author = "Lorenzo Spaggiari and Adele Tessitore and Monica Casiraghi and Juliana Guarize and Piergiorgio Solli and Alessandro Borri and Roberto Gasparri and Francesco Petrella and Patrick Maisonneuve and Domenico Galetta",
year = "2013",
month = "5",
doi = "10.1016/j.athoracsur.2013.01.088",
language = "English",
volume = "95",
pages = "1717--1725",
journal = "Annals of Thoracic Surgery",
issn = "0003-4975",
publisher = "The Society of Thoracic Surgeons. Published by Elsevier Inc",
number = "5",

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TY - JOUR

T1 - Survival after extended resection for mediastinal advanced lung cancer

T2 - Lessons learned on 167 consecutive cases

AU - Spaggiari, Lorenzo

AU - Tessitore, Adele

AU - Casiraghi, Monica

AU - Guarize, Juliana

AU - Solli, Piergiorgio

AU - Borri, Alessandro

AU - Gasparri, Roberto

AU - Petrella, Francesco

AU - Maisonneuve, Patrick

AU - Galetta, Domenico

PY - 2013/5

Y1 - 2013/5

N2 - Background: Extended resections (ER) for lung cancer may improve survival in selected patients. However, analysis on large series is still lacking. We reviewed our experience to identify prognostic factors useful for patient selection. Methods: Between 1998 and 2010, 167 patients with involvement of one or more mediastinal organs underwent operations with the intent to perform ER. At thoracotomy, 42 patients (25%) were considered unresectable (explorative thoracotomy [ET]), and 125 (75%) underwent ER. The types of ER were superior vena cava in 43 patients (34.4%), carina in 33 (26.4%), combined with superior vena cava in 18 (14.4%), with the left atrium in 35 (28%), and with the aorta in 14 (11.2%). We excluded Pancoast tumors and vertebral resections. The minimum follow-up was 6 months. Kaplan-Meier method and log-rank test were used for statistical analysis of survival. Results: There were 136 men (81.4%), with mean age of 63 years (range, 36 to 81 years). Of the 167 patients, induction chemotherapy was administered in 119 (71.3%), including 34 ET patients (81%) and 85 ER patients (68%). Complete resection was achieved in 106 patients (84.8%). The overall 5-year survival was 23% (27% in ER and 13% in ET, p = 0.41). Overall 30-day mortality was 4.8% and morbidity was 34.1%. Factors affecting survival were complete resection (p <0.01), pStage 0-I-II disease (p <0.0007), and age younger than 60 years (p <0.01). Conclusions: ER for lung cancer invading mediastinal organs could improve long-term survival (46% at 5-years in pN0). The best surgical candidates are young patients without lymph nodes involvement who undergo radical resection. Multimodality treatment is suggested in case of mediastinal lymph node involvement.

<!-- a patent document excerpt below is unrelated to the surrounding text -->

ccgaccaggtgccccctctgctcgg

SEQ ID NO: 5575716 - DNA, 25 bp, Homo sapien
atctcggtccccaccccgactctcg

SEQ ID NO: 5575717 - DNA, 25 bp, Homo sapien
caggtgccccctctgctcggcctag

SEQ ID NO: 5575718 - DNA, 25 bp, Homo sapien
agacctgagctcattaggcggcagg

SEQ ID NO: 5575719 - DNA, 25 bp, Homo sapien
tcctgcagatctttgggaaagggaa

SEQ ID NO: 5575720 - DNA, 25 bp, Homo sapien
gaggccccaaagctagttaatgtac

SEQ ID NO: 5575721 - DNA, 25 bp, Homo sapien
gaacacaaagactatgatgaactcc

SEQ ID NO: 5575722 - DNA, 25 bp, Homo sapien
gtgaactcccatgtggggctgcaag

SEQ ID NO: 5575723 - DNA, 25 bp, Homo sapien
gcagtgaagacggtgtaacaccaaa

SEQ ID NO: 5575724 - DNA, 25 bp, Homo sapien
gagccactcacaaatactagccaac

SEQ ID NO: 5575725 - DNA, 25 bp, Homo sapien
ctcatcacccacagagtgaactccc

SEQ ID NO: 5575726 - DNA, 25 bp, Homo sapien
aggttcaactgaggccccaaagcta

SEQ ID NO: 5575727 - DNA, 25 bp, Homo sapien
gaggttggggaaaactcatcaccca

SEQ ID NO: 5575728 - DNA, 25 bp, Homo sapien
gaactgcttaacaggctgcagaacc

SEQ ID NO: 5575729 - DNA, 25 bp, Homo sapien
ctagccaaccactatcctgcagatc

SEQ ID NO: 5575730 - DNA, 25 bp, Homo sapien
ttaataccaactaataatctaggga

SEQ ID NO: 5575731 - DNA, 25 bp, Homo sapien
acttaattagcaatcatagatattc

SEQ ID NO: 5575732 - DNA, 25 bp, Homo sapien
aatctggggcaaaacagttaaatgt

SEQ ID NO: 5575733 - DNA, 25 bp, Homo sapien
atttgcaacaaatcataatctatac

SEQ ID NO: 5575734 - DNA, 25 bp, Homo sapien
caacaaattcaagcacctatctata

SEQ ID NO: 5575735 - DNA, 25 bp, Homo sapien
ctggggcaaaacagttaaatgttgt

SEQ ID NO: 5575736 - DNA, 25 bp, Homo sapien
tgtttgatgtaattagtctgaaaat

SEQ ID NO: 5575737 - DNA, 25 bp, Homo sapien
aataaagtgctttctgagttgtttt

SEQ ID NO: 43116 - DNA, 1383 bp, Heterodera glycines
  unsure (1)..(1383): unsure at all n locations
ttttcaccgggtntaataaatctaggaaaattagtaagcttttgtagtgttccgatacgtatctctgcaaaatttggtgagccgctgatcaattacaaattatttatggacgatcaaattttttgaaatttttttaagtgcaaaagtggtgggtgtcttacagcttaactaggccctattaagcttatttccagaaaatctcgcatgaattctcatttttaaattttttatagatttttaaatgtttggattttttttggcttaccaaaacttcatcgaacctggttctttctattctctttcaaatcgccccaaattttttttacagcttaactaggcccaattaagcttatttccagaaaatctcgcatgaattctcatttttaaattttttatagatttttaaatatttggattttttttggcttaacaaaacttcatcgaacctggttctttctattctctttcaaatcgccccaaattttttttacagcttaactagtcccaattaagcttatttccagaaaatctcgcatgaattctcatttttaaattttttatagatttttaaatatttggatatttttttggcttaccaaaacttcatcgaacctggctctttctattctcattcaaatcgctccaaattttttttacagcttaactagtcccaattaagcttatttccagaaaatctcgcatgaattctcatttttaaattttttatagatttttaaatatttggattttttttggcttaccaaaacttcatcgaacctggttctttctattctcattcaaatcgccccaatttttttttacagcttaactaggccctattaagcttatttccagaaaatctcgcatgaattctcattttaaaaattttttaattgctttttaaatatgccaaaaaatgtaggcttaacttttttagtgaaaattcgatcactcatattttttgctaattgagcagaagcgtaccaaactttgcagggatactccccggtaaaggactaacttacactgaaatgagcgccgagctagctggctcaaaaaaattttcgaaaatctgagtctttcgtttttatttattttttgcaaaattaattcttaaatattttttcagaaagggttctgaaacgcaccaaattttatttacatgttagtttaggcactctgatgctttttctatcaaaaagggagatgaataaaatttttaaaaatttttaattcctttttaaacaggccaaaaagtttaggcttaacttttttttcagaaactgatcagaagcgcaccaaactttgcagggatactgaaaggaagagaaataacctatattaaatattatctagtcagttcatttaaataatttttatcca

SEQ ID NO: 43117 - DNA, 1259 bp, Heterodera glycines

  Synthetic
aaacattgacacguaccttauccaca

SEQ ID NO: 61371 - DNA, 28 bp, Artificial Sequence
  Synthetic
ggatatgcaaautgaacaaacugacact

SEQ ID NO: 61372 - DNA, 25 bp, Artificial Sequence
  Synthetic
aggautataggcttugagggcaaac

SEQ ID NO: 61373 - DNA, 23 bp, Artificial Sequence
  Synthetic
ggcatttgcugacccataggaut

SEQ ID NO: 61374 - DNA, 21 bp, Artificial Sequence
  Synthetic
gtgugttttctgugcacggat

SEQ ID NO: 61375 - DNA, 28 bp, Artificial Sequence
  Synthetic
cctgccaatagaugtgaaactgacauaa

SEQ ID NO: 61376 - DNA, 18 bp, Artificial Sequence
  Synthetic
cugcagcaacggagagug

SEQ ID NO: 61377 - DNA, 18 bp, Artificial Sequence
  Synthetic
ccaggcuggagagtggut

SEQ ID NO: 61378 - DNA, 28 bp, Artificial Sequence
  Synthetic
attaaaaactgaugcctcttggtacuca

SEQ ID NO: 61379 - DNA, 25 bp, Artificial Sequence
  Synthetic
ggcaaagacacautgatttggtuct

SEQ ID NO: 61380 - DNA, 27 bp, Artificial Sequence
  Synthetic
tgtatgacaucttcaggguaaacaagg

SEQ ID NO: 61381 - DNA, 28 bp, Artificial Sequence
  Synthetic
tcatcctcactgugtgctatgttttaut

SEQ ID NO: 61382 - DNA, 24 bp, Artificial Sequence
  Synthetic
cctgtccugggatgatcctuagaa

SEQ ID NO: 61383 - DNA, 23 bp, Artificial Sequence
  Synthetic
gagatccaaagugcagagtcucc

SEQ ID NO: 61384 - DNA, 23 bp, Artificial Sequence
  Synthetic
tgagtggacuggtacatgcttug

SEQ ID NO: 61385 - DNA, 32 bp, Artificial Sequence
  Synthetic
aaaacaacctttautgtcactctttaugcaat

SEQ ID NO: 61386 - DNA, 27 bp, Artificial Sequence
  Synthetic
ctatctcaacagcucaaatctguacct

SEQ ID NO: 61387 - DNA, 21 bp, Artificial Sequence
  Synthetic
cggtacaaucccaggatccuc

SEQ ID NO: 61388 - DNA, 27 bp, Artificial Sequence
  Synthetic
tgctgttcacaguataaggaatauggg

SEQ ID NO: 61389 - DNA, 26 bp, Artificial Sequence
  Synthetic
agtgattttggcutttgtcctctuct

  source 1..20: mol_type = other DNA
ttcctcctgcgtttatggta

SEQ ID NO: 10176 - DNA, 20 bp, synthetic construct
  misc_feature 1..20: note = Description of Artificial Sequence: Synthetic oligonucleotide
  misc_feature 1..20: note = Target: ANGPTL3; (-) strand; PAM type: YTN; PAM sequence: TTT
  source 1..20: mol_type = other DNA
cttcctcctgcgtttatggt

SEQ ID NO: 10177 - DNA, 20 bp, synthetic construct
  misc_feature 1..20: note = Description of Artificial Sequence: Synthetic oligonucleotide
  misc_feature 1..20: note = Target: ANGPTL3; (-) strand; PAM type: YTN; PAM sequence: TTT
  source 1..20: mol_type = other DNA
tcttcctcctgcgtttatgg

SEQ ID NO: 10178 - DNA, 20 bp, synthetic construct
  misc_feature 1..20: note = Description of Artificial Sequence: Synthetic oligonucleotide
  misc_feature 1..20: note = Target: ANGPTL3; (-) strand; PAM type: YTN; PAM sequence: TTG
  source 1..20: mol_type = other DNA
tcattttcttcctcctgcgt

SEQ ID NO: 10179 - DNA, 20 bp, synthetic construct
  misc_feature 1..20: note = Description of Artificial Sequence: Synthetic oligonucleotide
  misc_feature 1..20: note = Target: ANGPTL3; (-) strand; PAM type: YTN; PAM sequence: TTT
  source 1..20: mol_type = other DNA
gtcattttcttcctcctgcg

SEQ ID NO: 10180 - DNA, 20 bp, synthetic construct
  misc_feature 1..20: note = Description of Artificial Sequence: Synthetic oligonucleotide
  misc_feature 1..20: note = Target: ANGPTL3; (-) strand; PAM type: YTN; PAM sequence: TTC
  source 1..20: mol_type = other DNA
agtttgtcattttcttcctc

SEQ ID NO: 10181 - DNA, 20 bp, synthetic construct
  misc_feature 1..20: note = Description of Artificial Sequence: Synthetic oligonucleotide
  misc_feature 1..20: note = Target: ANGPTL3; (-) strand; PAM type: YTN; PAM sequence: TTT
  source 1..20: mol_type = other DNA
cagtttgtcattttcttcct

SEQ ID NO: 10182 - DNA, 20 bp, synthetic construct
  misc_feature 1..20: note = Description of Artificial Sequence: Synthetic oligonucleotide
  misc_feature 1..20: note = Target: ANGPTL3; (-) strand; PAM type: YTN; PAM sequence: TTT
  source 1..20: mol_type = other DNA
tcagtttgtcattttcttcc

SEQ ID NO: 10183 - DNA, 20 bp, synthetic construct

AB - Background: Extended resections (ER) for lung cancer may improve survival in selected patients. However, analysis on large series is still lacking. We reviewed our experience to identify prognostic factors useful for patient selection. Methods: Between 1998 and 2010, 167 patients with involvement of one or more mediastinal organs underwent operations with the intent to perform ER. At thoracotomy, 42 patients (25%) were considered unresectable (explorative thoracotomy [ET]), and 125 (75%) underwent ER. The types of ER were superior vena cava in 43 patients (34.4%), carina in 33 (26.4%), combined with superior vena cava in 18 (14.4%), with the left atrium in 35 (28%), and with the aorta in 14 (11.2%). We excluded Pancoast tumors and vertebral resections. The minimum follow-up was 6 months. Kaplan-Meier method and log-rank test were used for statistical analysis of survival. Results: There were 136 men (81.4%), with mean age of 63 years (range, 36 to 81 years). Of the 167 patients, induction chemotherapy was administered in 119 (71.3%), including 34 ET patients (81%) and 85 ER patients (68%). Complete resection was achieved in 106 patients (84.8%). The overall 5-year survival was 23% (27% in ER and 13% in ET, p = 0.41). Overall 30-day mortality was 4.8% and morbidity was 34.1%. Factors affecting survival were complete resection (p <0.01), pStage 0-I-II disease (p <0.0007), and age younger than 60 years (p <0.01). Conclusions: ER for lung cancer invading mediastinal organs could improve long-term survival (46% at 5-years in pN0). The best surgical candidates are young patients without lymph nodes involvement who undergo radical resection. Multimodality treatment is suggested in case of mediastinal lymph node involvement.